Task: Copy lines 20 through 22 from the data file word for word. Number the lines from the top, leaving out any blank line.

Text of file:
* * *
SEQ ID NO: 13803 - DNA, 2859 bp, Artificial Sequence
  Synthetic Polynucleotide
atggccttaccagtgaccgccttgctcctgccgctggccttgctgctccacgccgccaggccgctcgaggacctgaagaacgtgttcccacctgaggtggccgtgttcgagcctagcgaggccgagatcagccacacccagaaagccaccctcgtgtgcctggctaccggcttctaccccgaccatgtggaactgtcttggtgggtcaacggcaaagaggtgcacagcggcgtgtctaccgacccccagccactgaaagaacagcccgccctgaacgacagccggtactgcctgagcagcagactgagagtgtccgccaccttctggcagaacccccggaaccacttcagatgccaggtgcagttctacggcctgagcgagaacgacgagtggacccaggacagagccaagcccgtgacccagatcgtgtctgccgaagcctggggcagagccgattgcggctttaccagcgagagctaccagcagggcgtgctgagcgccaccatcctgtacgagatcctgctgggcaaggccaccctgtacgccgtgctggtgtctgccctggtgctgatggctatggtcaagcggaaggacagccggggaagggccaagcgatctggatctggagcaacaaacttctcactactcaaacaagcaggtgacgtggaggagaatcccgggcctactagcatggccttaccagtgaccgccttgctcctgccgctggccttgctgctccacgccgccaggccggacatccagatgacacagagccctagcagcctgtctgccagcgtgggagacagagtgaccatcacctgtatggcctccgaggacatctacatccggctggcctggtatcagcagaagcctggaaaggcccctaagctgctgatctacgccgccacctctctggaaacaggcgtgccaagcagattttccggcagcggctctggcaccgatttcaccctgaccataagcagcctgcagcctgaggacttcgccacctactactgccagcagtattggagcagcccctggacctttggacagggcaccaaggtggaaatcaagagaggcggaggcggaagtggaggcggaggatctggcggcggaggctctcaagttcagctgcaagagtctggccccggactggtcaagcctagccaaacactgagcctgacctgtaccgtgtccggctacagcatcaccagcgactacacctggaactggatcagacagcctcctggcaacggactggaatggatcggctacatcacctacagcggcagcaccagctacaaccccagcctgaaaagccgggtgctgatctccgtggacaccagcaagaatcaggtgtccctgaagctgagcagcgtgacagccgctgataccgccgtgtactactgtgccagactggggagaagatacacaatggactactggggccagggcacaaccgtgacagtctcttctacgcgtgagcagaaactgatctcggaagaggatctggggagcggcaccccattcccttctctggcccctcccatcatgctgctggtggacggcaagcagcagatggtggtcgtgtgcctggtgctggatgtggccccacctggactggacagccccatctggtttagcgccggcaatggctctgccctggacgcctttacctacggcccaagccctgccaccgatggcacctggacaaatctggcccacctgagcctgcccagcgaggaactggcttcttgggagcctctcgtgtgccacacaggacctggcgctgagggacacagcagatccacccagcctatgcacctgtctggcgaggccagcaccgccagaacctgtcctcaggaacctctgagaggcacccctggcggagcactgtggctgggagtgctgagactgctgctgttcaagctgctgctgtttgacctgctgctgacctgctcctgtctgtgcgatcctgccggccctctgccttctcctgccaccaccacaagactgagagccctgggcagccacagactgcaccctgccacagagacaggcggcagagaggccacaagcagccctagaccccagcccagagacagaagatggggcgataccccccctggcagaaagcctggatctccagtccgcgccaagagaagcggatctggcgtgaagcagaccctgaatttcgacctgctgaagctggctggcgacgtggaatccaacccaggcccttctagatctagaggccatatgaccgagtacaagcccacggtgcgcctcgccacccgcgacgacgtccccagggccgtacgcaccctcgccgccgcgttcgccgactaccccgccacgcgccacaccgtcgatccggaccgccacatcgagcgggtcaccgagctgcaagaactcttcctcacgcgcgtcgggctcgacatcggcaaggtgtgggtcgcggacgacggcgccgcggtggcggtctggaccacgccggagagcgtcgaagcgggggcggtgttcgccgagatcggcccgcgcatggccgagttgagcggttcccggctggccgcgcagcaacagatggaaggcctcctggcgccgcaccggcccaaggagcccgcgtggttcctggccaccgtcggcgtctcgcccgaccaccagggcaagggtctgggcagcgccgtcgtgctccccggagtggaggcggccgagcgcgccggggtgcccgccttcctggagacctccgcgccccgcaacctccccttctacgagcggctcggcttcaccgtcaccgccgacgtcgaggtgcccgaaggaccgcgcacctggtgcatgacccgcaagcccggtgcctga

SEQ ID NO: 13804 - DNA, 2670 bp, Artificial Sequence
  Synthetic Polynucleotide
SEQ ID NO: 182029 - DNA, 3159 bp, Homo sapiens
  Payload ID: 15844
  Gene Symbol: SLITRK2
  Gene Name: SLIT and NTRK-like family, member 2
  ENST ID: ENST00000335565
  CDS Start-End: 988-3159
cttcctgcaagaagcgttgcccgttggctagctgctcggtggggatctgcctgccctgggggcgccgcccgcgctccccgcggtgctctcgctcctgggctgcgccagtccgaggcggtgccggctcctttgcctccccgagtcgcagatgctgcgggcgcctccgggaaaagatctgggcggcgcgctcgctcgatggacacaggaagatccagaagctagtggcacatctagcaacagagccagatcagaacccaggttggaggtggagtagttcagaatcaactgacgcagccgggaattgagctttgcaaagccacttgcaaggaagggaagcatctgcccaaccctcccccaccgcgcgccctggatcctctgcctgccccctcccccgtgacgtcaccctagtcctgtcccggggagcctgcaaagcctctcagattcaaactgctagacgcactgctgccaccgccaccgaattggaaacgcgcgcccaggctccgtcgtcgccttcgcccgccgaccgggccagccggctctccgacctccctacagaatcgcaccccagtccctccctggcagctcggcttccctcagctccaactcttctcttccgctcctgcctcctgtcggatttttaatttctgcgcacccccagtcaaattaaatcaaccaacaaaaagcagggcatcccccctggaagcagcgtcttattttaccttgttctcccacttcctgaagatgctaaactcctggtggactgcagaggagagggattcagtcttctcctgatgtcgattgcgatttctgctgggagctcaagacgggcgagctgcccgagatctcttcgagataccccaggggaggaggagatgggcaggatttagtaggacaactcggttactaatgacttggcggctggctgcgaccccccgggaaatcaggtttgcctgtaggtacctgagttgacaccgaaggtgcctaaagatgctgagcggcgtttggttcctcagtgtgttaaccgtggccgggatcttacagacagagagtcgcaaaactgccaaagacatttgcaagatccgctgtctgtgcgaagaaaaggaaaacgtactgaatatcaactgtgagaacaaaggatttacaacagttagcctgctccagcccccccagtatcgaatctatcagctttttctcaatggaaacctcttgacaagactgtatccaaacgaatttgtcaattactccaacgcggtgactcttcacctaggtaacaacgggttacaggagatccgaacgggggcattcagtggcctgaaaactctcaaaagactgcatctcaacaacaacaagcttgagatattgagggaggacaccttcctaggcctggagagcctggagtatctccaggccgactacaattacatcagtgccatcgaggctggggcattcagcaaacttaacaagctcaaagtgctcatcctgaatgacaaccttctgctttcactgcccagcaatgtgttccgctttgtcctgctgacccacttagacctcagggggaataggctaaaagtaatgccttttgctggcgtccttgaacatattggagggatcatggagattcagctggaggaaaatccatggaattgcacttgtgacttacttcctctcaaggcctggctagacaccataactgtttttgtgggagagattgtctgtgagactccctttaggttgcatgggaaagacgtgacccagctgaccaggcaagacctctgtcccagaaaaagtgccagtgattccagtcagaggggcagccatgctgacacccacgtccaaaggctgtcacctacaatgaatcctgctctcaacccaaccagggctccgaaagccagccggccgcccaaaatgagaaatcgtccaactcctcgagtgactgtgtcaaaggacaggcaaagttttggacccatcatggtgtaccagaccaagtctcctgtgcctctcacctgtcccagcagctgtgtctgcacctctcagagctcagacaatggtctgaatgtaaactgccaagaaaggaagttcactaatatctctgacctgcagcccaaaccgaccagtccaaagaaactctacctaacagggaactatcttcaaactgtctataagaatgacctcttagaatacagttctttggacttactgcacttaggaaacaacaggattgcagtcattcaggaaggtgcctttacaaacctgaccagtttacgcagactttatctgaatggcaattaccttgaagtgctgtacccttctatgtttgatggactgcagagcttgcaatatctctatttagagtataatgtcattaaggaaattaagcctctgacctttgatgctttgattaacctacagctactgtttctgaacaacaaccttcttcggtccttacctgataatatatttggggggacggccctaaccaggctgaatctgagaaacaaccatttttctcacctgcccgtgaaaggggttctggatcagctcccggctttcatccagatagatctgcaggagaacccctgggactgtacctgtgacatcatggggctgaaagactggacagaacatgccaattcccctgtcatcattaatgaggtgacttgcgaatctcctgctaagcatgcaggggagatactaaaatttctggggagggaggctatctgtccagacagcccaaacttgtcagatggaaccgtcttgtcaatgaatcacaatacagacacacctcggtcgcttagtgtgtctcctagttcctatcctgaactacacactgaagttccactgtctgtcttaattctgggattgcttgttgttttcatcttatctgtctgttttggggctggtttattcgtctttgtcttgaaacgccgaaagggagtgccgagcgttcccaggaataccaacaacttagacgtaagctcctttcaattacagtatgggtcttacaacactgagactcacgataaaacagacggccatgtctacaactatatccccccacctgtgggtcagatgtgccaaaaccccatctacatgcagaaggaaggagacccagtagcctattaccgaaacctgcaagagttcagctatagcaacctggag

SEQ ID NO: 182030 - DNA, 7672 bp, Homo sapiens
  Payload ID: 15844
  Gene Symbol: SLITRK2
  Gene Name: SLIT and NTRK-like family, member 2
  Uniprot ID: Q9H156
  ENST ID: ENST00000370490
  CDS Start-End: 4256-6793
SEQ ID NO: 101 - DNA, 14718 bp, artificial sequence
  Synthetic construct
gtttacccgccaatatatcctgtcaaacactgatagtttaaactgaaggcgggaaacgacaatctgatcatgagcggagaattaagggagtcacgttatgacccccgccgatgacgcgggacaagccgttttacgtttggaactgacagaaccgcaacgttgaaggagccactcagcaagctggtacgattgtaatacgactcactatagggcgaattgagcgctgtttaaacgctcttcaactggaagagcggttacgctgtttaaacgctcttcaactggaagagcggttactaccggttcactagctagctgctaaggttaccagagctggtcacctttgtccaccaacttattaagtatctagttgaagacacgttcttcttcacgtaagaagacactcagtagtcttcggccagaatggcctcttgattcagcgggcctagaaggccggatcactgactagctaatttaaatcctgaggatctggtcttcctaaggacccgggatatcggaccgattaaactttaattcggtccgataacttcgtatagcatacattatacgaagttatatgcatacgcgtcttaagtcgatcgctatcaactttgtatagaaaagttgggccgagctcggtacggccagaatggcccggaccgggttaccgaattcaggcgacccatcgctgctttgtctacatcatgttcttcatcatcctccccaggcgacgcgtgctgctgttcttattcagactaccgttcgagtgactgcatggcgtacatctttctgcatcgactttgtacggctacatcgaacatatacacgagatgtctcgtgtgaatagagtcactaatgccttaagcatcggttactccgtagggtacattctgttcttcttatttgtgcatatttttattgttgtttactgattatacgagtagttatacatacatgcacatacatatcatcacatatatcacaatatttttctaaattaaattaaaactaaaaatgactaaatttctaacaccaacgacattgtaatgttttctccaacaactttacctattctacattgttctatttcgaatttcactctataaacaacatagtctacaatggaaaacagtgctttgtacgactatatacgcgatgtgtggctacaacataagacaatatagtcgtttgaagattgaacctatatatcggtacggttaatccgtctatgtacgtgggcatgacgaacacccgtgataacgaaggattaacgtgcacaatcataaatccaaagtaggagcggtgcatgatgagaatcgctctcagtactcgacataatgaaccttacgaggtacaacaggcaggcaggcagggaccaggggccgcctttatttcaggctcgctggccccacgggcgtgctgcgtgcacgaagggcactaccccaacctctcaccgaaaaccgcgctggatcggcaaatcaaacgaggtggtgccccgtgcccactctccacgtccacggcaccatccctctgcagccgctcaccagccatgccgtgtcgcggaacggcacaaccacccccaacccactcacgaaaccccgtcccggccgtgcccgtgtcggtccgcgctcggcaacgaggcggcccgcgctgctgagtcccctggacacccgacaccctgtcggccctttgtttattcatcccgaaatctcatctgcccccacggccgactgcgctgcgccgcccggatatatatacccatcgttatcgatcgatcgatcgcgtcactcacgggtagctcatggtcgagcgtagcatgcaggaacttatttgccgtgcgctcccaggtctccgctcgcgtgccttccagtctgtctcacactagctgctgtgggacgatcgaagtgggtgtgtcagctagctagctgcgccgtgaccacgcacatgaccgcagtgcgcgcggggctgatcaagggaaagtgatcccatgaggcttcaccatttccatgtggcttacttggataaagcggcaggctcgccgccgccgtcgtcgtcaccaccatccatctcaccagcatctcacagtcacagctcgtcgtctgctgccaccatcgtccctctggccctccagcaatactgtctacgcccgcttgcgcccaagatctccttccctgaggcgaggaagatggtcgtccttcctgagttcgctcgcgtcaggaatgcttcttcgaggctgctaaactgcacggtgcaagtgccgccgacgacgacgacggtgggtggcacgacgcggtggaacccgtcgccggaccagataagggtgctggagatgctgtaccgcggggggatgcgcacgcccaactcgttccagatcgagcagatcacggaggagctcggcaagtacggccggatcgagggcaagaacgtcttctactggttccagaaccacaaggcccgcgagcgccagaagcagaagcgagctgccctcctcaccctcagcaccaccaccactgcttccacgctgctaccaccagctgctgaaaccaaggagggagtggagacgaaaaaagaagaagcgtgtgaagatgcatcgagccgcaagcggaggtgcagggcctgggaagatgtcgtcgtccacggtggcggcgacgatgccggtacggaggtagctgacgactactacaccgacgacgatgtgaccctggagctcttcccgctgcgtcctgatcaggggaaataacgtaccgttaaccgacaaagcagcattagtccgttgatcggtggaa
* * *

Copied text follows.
SEQ ID NO: 101 - DNA, 14718 bp, artificial sequence
  Synthetic construct
gtttacccgccaatatatcctgtcaaacactgatagtttaaactgaaggcgggaaacgacaatctgatcatgagcggagaattaagggagtcacgttatgacccccgccgatgacgcgggacaagccgttttacgtttggaactgacagaaccgcaacgttgaaggagccactcagcaagctggtacgattgtaatacgactcactatagggcgaattgagcgctgtttaaacgctcttcaactggaagagcggttacgctgtttaaacgctcttcaactggaagagcggttactaccggttcactagctagctgctaaggttaccagagctggtcacctttgtccaccaacttattaagtatctagttgaagacacgttcttcttcacgtaagaagacactcagtagtcttcggccagaatggcctcttgattcagcgggcctagaaggccggatcactgactagctaatttaaatcctgaggatctggtcttcctaaggacccgggatatcggaccgattaaactttaattcggtccgataacttcgtatagcatacattatacgaagttatatgcatacgcgtcttaagtcgatcgctatcaactttgtatagaaaagttgggccgagctcggtacggccagaatggcccggaccgggttaccgaattcaggcgacccatcgctgctttgtctacatcatgttcttcatcatcctccccaggcgacgcgtgctgctgttcttattcagactaccgttcgagtgactgcatggcgtacatctttctgcatcgactttgtacggctacatcgaacatatacacgagatgtctcgtgtgaatagagtcactaatgccttaagcatcggttactccgtagggtacattctgttcttcttatttgtgcatatttttattgttgtttactgattatacgagtagttatacatacatgcacatacatatcatcacatatatcacaatatttttctaaattaaattaaaactaaaaatgactaaatttctaacaccaacgacattgtaatgttttctccaacaactttacctattctacattgttctatttcgaatttcactctataaacaacatagtctacaatggaaaacagtgctttgtacgactatatacgcgatgtgtggctacaacataagacaatatagtcgtttgaagattgaacctatatatcggtacggttaatccgtctatgtacgtgggcatgacgaacacccgtgataacgaaggattaacgtgcacaatcataaatccaaagtaggagcggtgcatgatgagaatcgctctcagtactcgacataatgaaccttacgaggtacaacaggcaggcaggcagggaccaggggccgcctttatttcaggctcgctggccccacgggcgtgctgcgtgcacgaagggcactaccccaacctctcaccgaaaaccgcgctggatcggcaaatcaaacgaggtggtgccccgtgcccactctccacgtccacggcaccatccctctgcagccgctcaccagccatgccgtgtcgcggaacggcacaaccacccccaacccactcacgaaaccccgtcccggccgtgcccgtgtcggtccgcgctcggcaacgaggcggcccgcgctgctgagtcccctggacacccgacaccctgtcggccctttgtttattcatcccgaaatctcatctgcccccacggccgactgcgctgcgccgcccggatatatatacccatcgttatcgatcgatcgatcgcgtcactcacgggtagctcatggtcgagcgtagcatgcaggaacttatttgccgtgcgctcccaggtctccgctcgcgtgccttccagtctgtctcacactagctgctgtgggacgatcgaagtgggtgtgtcagctagctagctgcgccgtgaccacgcacatgaccgcagtgcgcgcggggctgatcaagggaaagtgatcccatgaggcttcaccatttccatgtggcttacttggataaagcggcaggctcgccgccgccgtcgtcgtcaccaccatccatctcaccagcatctcacagtcacagctcgtcgtctgctgccaccatcgtccctctggccctccagcaatactgtctacgcccgcttgcgcccaagatctccttccctgaggcgaggaagatggtcgtccttcctgagttcgctcgcgtcaggaatgcttcttcgaggctgctaaactgcacggtgcaagtgccgccgacgacgacgacggtgggtggcacgacgcggtggaacccgtcgccggaccagataagggtgctggagatgctgtaccgcggggggatgcgcacgcccaactcgttccagatcgagcagatcacggaggagctcggcaagtacggccggatcgagggcaagaacgtcttctactggttccagaaccacaaggcccgcgagcgccagaagcagaagcgagctgccctcctcaccctcagcaccaccaccactgcttccacgctgctaccaccagctgctgaaaccaaggagggagtggagacgaaaaaagaagaagcgtgtgaagatgcatcgagccgcaagcggaggtgcagggcctgggaagatgtcgtcgtccacggtggcggcgacgatgccggtacggaggtagctgacgactactacaccgacgacgatgtgaccctggagctcttcccgctgcgtcctgatcaggggaaataacgtaccgttaaccgacaaagcagcattagtccgttgatcggtggaa